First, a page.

Furthermore, the HeNB 20 can be logically connected to the same MME 50, which serves the macro layer as well. By this measure, unnecessary mobility actions (e.g. inter-MME pool handover (HO) at the HeNB 120 or HO scenarios at the macro eNB 30) of the HeNB gateway 40 might be restricted to a certain geographical area, corresponding to an MME (pool) area.

The HeNB gateway 40 can be adapted to relate the location of the HeNB 20 with the MME 50 serving the eNB 30 that provides the macro cell under which the respective HeNB is located. In this manner it avoids inter-MME handovers (HOs).

As to its control plane functionality, the HeNB gateway 40 holds information about connectivity to various operators' core networks (e.g. MME pools). In order to enable S1-flex connectivity for the HeNB 20, without deploying and configuring the HeNB 20 with this functionality, the HeNB gateway 40 may provide a 1:n relay functionality. This can be based on the provision of global node-ID's on S1AP protocol level. Hence, the HeNB gateway 40 acts—in principle—similar to a (macro) eNB towards the core network, i.e., it performs automatic registration towards (a pool of) MME entities. A specific tracking area identity or identification (which may consist of a tracking area code (TAC) out of a range of specific TACs, indicating a closed subscriber group (CSG) and/or a home access) indicated during an automatic setup could indicate the specific property of the HeNB gateway 40.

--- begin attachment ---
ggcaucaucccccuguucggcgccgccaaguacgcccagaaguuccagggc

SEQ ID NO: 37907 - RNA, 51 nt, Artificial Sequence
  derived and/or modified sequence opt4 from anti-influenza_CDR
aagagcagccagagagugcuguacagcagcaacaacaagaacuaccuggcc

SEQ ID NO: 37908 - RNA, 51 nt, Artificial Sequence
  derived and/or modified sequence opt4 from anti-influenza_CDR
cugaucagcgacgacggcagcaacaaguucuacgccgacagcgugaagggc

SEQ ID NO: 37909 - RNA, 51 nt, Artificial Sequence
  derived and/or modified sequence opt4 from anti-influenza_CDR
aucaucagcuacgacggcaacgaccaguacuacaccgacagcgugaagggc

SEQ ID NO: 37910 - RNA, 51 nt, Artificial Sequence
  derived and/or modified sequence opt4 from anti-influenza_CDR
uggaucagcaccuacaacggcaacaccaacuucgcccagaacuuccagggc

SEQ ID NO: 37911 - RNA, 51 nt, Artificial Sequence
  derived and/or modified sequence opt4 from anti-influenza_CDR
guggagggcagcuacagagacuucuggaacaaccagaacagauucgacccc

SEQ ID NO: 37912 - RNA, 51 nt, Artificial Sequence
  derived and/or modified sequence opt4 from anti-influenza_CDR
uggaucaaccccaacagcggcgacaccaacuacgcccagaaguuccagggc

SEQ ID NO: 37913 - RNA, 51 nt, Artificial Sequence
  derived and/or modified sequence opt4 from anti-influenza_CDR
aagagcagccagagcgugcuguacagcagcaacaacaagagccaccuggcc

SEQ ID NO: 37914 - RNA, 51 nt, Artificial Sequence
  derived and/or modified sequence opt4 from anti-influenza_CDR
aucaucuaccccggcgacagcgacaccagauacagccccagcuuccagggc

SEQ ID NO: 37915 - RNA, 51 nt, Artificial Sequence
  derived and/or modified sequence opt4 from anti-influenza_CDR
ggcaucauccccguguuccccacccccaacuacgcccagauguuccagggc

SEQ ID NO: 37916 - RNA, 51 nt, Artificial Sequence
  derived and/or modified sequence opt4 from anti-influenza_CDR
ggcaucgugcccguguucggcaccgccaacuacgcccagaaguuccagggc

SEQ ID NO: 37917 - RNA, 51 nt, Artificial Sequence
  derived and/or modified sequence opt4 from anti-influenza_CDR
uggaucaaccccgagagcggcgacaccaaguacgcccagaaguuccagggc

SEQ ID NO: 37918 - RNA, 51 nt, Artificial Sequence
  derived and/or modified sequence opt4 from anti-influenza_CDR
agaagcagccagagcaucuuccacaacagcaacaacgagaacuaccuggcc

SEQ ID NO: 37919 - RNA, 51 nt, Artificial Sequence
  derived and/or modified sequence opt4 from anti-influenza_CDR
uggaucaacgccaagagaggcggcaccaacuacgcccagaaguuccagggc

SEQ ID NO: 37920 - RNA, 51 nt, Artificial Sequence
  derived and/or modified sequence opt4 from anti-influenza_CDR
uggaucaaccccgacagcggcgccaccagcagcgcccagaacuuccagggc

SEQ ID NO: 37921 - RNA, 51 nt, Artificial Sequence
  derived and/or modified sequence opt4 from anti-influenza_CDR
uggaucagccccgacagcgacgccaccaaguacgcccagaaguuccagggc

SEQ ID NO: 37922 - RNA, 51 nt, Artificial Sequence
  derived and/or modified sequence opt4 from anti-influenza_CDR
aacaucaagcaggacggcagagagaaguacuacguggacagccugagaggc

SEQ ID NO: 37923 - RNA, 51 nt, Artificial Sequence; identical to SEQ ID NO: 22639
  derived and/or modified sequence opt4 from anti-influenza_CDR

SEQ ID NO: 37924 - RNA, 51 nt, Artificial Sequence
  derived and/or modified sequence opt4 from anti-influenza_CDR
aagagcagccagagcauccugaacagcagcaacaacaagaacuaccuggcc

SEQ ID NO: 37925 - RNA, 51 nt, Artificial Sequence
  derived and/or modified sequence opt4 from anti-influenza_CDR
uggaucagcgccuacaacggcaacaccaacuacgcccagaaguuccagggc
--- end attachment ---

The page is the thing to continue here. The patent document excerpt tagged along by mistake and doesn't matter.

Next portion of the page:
The HeNB gateway 40 can be connected via several IP addresses (IP multihoming) and at least several SCTP streams (on dedicated or common signalling). Connectivity between the HeNB 20 and the HeNB gateway 40 can be established on demand and this might change dependent on the activity of a HeNB or users choice. This dynamic connectivity-behaviour, which may be more dynamic than from the macro eNB 30 can be transparent to the core network.

Thus, the HeNB gateway 40 acts towards the HeNB 20 as a single core network node, and towards the core network as a single eNB. As already mentioned, the HeNB gateway 40, acting as an eNB towards a core network node might necessitate to itself at automatic S1 setup with a specific identification, e.g. a tracking area with a specific tracking area code (a single specific one or out of a set of dedicated “home” Tracking Area Codes). This information can be provided on the HeNB broadcast channel.

Additionally, the HeNB gateway 40 may hold (store) at least one mapping table to translate the location information provided by the HeNB 20 to an MME-pool connectivity information, e.g., not only of the “owning” operator but also of foreign-operators. Thereby, the HeNB gateway 40 can relay HO messages from/to the HeNB 20 to the macro eNB 30, with corresponding translation of identifiers, if needed.